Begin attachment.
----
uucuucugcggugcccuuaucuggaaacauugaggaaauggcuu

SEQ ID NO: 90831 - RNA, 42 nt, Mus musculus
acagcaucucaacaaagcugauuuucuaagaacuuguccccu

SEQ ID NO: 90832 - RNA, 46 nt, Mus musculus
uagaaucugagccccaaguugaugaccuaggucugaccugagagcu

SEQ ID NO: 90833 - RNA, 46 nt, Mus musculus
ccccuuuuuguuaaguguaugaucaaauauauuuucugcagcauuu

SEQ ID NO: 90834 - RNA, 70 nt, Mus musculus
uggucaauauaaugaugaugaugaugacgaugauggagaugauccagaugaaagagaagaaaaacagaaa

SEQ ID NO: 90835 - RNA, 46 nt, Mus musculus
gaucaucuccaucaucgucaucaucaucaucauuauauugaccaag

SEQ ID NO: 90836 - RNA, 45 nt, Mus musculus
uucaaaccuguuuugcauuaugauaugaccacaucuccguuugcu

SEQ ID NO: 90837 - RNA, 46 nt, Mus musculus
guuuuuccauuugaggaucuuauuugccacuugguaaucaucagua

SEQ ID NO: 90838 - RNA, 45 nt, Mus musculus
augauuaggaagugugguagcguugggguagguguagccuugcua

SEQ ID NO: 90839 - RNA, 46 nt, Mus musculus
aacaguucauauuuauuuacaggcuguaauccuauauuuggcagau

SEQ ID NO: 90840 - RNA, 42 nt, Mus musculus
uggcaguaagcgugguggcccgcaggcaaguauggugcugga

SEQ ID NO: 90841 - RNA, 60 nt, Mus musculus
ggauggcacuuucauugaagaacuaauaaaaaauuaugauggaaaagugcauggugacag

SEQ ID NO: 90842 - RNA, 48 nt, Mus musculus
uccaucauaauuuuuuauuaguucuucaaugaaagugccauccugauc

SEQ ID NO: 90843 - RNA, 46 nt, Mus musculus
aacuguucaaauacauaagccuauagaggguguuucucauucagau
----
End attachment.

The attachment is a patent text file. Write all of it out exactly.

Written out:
uucuucugcggugcccuuaucuggaaacauugaggaaauggcuu

SEQ ID NO: 90831 - RNA, 42 nt, Mus musculus
acagcaucucaacaaagcugauuuucuaagaacuuguccccu

SEQ ID NO: 90832 - RNA, 46 nt, Mus musculus
uagaaucugagccccaaguugaugaccuaggucugaccugagagcu

SEQ ID NO: 90833 - RNA, 46 nt, Mus musculus
ccccuuuuuguuaaguguaugaucaaauauauuuucugcagcauuu

SEQ ID NO: 90834 - RNA, 70 nt, Mus musculus
uggucaauauaaugaugaugaugaugacgaugauggagaugauccagaugaaagagaagaaaaacagaaa

SEQ ID NO: 90835 - RNA, 46 nt, Mus musculus
gaucaucuccaucaucgucaucaucaucaucauuauauugaccaag

SEQ ID NO: 90836 - RNA, 45 nt, Mus musculus
uucaaaccuguuuugcauuaugauaugaccacaucuccguuugcu

SEQ ID NO: 90837 - RNA, 46 nt, Mus musculus
guuuuuccauuugaggaucuuauuugccacuugguaaucaucagua

SEQ ID NO: 90838 - RNA, 45 nt, Mus musculus
augauuaggaagugugguagcguugggguagguguagccuugcua

SEQ ID NO: 90839 - RNA, 46 nt, Mus musculus
aacaguucauauuuauuuacaggcuguaauccuauauuuggcagau

SEQ ID NO: 90840 - RNA, 42 nt, Mus musculus
uggcaguaagcgugguggcccgcaggcaaguauggugcugga

SEQ ID NO: 90841 - RNA, 60 nt, Mus musculus
ggauggcacuuucauugaagaacuaauaaaaaauuaugauggaaaagugcauggugacag

SEQ ID NO: 90842 - RNA, 48 nt, Mus musculus
uccaucauaauuuuuuauuaguucuucaaugaaagugccauccugauc

SEQ ID NO: 90843 - RNA, 46 nt, Mus musculus
aacuguucaaauacauaagccuauagaggguguuucucauucagau